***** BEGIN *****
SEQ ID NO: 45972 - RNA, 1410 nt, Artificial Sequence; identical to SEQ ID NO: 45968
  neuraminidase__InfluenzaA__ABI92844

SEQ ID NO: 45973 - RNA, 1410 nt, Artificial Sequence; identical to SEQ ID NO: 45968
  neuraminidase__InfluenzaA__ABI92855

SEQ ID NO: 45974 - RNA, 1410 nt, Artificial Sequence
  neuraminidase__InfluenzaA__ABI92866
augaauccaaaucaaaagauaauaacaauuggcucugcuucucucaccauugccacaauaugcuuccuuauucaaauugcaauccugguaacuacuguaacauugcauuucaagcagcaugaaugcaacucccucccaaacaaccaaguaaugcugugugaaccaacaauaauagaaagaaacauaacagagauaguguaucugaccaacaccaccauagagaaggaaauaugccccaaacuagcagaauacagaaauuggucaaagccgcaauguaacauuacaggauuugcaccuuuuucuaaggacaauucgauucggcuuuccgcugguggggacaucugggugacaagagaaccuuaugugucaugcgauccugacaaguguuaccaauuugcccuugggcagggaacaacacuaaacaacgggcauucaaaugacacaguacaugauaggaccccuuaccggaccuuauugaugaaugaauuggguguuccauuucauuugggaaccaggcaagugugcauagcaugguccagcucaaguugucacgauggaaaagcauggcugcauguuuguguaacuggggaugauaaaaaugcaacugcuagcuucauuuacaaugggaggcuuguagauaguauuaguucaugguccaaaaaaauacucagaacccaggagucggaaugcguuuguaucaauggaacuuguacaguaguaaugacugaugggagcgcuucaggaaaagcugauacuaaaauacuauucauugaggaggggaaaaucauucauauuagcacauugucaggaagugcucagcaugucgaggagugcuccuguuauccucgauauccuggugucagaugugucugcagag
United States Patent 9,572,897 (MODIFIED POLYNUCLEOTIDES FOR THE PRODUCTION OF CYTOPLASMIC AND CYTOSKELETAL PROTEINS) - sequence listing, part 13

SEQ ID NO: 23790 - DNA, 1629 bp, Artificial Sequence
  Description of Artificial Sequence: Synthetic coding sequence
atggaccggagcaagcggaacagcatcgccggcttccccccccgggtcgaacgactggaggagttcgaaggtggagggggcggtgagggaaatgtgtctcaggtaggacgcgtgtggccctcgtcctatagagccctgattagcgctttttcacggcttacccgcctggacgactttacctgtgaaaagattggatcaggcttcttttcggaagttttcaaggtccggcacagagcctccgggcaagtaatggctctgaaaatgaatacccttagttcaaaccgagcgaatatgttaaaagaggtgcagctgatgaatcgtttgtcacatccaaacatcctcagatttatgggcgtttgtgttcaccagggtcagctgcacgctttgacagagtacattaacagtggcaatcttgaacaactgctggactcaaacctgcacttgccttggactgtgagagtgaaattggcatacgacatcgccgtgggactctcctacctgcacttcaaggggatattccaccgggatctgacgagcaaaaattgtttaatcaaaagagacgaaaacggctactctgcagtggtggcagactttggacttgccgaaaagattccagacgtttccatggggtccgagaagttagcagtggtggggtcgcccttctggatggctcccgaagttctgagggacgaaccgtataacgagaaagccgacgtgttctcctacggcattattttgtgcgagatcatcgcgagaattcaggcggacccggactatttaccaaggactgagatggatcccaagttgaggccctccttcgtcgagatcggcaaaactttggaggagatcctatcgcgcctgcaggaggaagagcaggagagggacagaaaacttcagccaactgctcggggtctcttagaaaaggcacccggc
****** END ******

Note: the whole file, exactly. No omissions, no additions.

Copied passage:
SEQ ID NO: 45972 - RNA, 1410 nt, Artificial Sequence; identical to SEQ ID NO: 45968
  neuraminidase__InfluenzaA__ABI92844

SEQ ID NO: 45973 - RNA, 1410 nt, Artificial Sequence; identical to SEQ ID NO: 45968
  neuraminidase__InfluenzaA__ABI92855

SEQ ID NO: 45974 - RNA, 1410 nt, Artificial Sequence
  neuraminidase__InfluenzaA__ABI92866
augaauccaaaucaaaagauaauaacaauuggcucugcuucucucaccauugccacaauaugcuuccuuauucaaauugcaauccugguaacuacuguaacauugcauuucaagcagcaugaaugcaacucccucccaaacaaccaaguaaugcugugugaaccaacaauaauagaaagaaacauaacagagauaguguaucugaccaacaccaccauagagaaggaaauaugccccaaacuagcagaauacagaaauuggucaaagccgcaauguaacauuacaggauuugcaccuuuuucuaaggacaauucgauucggcuuuccgcugguggggacaucugggugacaagagaaccuuaugugucaugcgauccugacaaguguuaccaauuugcccuugggcagggaacaacacuaaacaacgggcauucaaaugacacaguacaugauaggaccccuuaccggaccuuauugaugaaugaauuggguguuccauuucauuugggaaccaggcaagugugcauagcaugguccagcucaaguugucacgauggaaaagcauggcugcauguuuguguaacuggggaugauaaaaaugcaacugcuagcuucauuuacaaugggaggcuuguagauaguauuaguucaugguccaaaaaaauacucagaacccaggagucggaaugcguuuguaucaauggaacuuguacaguaguaaugacugaugggagcgcuucaggaaaagcugauacuaaaauacuauucauugaggaggggaaaaucauucauauuagcacauugucaggaagugcucagcaugucgaggagugcuccuguuauccucgauauccuggugucagaugugucugcagag
United States Patent 9,572,897 (MODIFIED POLYNUCLEOTIDES FOR THE PRODUCTION OF CYTOPLASMIC AND CYTOSKELETAL PROTEINS) - sequence listing, part 13

SEQ ID NO: 23790 - DNA, 1629 bp, Artificial Sequence
  Description of Artificial Sequence: Synthetic coding sequence
atggaccggagcaagcggaacagcatcgccggcttccccccccgggtcgaacgactggaggagttcgaaggtggagggggcggtgagggaaatgtgtctcaggtaggacgcgtgtggccctcgtcctatagagccctgattagcgctttttcacggcttacccgcctggacgactttacctgtgaaaagattggatcaggcttcttttcggaagttttcaaggtccggcacagagcctccgggcaagtaatggctctgaaaatgaatacccttagttcaaaccgagcgaatatgttaaaagaggtgcagctgatgaatcgtttgtcacatccaaacatcctcagatttatgggcgtttgtgttcaccagggtcagctgcacgctttgacagagtacattaacagtggcaatcttgaacaactgctggactcaaacctgcacttgccttggactgtgagagtgaaattggcatacgacatcgccgtgggactctcctacctgcacttcaaggggatattccaccgggatctgacgagcaaaaattgtttaatcaaaagagacgaaaacggctactctgcagtggtggcagactttggacttgccgaaaagattccagacgtttccatggggtccgagaagttagcagtggtggggtcgcccttctggatggctcccgaagttctgagggacgaaccgtataacgagaaagccgacgtgttctcctacggcattattttgtgcgagatcatcgcgagaattcaggcggacccggactatttaccaaggactgagatggatcccaagttgaggccctccttcgtcgagatcggcaaaactttggaggagatcctatcgcgcctgcaggaggaagagcaggagagggacagaaaacttcagccaactgctcggggtctcttagaaaaggcacccggc